King of Jeans
To people whose last whiff of Sub Pop came sometime in the late ’90s—as grunge’s last fart lingered just a little too long—Pissed Jeans probably sound like an evolution of sound. Their hard, slow-swinging punk is soaked in the patented, scuzzed-out heaviness that once made the label a king maker.
A critical distinction, though: Pissed Jeans have an absolutely ferocious angst creeping through each song, and deep punk roots, which makes them palatable to people (like myself) who could never get down with the Northwest grunge scene. Hailing from Allentown, Pa., the band draws its sound more from the old Amphetamine Reptile roster of noise rock or, going further, from the hectic noise of Touch & Go’s Jesus Lizard and Butthole Surfers, or even Flipper.
On King of Jeans, Pissed Jeans’ third album (due out tomorrow on Sub Pop), the band mates continue their battle with the monotonies of life. Their irritation with the everyday hits a crescendo here, as heard in exercises of witty hyperventilation like the opener “False Jesii Part 2” (click here for a free MP3), “Lip Ring,” and “Dream Smother” (about being too tired to do anything). Wave after wave of self-loathing and doubt wash over you, filling your lungs with salty, nervous sweat, soaking you in an uncomfortable reality that maybe hits a little too close to home. I can relate anyway.
Some songs, like “Request for Masseuse,” crawl through the speakers and slink around your head not unlike an old, warmed-over Black Sabbath dirge, slowly singeing everything in its path. As you’re still putting out that fire, they turn around and smack you with “Human Upskirt” a fast, killer, no-frills hardcore song—not unlike something Richmond, Va.’s Government Warning would unleash.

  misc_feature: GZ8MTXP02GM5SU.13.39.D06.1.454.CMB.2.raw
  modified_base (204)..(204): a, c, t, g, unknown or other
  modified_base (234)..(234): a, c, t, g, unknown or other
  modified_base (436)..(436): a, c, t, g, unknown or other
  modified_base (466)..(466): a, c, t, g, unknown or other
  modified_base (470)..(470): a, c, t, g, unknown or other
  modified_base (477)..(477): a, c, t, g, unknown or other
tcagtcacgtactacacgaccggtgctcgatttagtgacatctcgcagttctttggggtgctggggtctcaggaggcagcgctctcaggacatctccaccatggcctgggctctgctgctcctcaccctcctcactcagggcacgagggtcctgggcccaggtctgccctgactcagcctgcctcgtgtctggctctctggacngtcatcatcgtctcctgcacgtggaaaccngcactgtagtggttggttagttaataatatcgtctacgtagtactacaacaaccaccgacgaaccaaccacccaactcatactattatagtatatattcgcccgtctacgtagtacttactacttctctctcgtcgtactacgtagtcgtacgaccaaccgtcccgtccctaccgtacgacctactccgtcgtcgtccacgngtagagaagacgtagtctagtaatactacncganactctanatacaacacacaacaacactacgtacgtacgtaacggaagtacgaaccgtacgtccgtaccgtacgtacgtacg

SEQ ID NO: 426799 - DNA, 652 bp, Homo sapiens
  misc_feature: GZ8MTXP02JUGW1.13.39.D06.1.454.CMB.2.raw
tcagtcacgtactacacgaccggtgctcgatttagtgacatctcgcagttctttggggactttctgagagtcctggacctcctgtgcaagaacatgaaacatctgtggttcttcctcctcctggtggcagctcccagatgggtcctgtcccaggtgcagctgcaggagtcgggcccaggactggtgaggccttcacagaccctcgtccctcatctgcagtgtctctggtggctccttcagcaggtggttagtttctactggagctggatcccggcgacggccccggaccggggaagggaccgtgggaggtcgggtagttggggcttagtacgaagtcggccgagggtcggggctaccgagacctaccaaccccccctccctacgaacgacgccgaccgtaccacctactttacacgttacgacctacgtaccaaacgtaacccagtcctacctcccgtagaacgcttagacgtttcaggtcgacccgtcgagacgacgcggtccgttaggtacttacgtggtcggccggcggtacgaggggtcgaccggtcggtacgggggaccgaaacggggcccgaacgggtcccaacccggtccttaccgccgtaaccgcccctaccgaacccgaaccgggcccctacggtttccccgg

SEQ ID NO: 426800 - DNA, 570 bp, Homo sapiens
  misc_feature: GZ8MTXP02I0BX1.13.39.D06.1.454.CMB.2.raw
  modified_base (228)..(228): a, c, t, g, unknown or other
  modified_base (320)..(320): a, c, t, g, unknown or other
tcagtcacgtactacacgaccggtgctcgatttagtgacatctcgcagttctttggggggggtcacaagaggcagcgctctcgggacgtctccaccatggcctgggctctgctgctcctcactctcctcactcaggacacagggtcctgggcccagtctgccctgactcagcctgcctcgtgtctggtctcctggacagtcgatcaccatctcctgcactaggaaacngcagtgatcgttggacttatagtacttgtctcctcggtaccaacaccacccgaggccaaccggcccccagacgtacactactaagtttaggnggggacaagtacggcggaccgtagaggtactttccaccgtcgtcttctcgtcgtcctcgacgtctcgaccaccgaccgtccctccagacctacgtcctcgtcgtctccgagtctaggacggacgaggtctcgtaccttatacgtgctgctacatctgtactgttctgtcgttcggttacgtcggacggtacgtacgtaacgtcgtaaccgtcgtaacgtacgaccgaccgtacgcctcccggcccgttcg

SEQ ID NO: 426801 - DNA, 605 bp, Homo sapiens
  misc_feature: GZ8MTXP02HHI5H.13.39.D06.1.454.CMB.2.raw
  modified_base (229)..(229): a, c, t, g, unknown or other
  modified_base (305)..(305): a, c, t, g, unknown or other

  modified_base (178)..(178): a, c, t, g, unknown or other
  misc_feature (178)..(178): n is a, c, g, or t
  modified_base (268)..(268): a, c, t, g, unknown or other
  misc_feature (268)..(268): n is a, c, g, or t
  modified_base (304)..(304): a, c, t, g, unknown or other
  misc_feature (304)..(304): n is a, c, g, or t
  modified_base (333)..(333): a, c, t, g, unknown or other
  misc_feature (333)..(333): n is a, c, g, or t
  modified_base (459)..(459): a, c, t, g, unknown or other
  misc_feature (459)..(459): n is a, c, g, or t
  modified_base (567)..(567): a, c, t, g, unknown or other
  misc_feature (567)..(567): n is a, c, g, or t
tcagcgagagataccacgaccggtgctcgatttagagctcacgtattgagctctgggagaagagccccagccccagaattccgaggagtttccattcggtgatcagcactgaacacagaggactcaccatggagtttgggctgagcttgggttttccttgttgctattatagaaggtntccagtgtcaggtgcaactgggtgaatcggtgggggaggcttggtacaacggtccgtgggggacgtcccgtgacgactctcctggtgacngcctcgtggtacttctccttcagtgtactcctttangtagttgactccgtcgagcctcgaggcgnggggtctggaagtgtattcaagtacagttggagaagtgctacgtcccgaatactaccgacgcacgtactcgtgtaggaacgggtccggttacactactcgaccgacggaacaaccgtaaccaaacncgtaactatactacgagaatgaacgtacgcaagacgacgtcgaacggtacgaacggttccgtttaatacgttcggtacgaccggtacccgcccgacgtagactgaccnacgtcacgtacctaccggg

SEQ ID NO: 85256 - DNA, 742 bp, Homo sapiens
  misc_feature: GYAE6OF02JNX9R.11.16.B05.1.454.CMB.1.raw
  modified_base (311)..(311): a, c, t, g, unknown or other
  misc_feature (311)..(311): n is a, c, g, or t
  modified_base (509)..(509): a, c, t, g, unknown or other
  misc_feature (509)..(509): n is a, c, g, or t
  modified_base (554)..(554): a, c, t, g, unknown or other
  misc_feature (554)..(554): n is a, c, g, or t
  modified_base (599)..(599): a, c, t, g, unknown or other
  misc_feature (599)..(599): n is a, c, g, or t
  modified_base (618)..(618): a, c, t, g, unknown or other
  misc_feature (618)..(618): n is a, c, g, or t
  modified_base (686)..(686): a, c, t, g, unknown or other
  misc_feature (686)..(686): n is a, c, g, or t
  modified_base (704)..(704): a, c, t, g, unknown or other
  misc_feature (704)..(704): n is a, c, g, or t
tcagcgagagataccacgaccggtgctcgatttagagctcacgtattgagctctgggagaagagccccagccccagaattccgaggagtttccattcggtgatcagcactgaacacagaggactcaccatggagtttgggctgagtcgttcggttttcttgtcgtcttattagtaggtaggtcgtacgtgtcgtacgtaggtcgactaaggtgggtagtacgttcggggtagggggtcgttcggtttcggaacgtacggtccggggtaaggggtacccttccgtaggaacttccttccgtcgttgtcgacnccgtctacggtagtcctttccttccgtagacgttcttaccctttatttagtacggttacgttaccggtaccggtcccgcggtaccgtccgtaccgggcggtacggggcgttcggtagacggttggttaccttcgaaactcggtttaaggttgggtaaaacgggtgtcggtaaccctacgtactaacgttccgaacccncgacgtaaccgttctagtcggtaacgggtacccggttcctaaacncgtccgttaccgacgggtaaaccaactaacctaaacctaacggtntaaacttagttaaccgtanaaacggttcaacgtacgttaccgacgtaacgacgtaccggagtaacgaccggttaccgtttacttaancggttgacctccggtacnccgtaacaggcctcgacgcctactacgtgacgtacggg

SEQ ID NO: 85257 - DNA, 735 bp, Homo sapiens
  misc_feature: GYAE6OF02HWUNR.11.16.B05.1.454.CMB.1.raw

If you wanna see Pissed Jeans flaunt their massive macho dot, check out “Goodbye (Hair).” It stand outs in that singer Matt Korvette talks over uncharacteristically sluggish backing music in a laconic, tormented way, lamenting the loss of his hair. Not a catchy sing-a-long—no topping “Boring Girls,” off PJ’s 2005 debut, Shallow—but a song of raw, twisted man-angst more tortured, more real than anything you could read in Men’s Journal or Esquire.
That’s the band’s secret ingredient. Each album—consciously or not—contains the theme of growing up, if not just getting older. Shallow wallowed in late-teen/early-20s anxiety (Cue “Ashamed of My Cum.”) Their follow-up and 2007 Sub Pop debut Hope For Men, channeled a transition from relatively carefree teenager to young man trying to make it on his own (“I’m Turning Now”). And now here we are with King of Jeans, expertly skewering (or being skewered by?) early signs of middle age.
Pissed Jeans are currently touring on the West Coast. You can follow MoJo music reviews on Twitter via #musicmonday or at @MotherJones.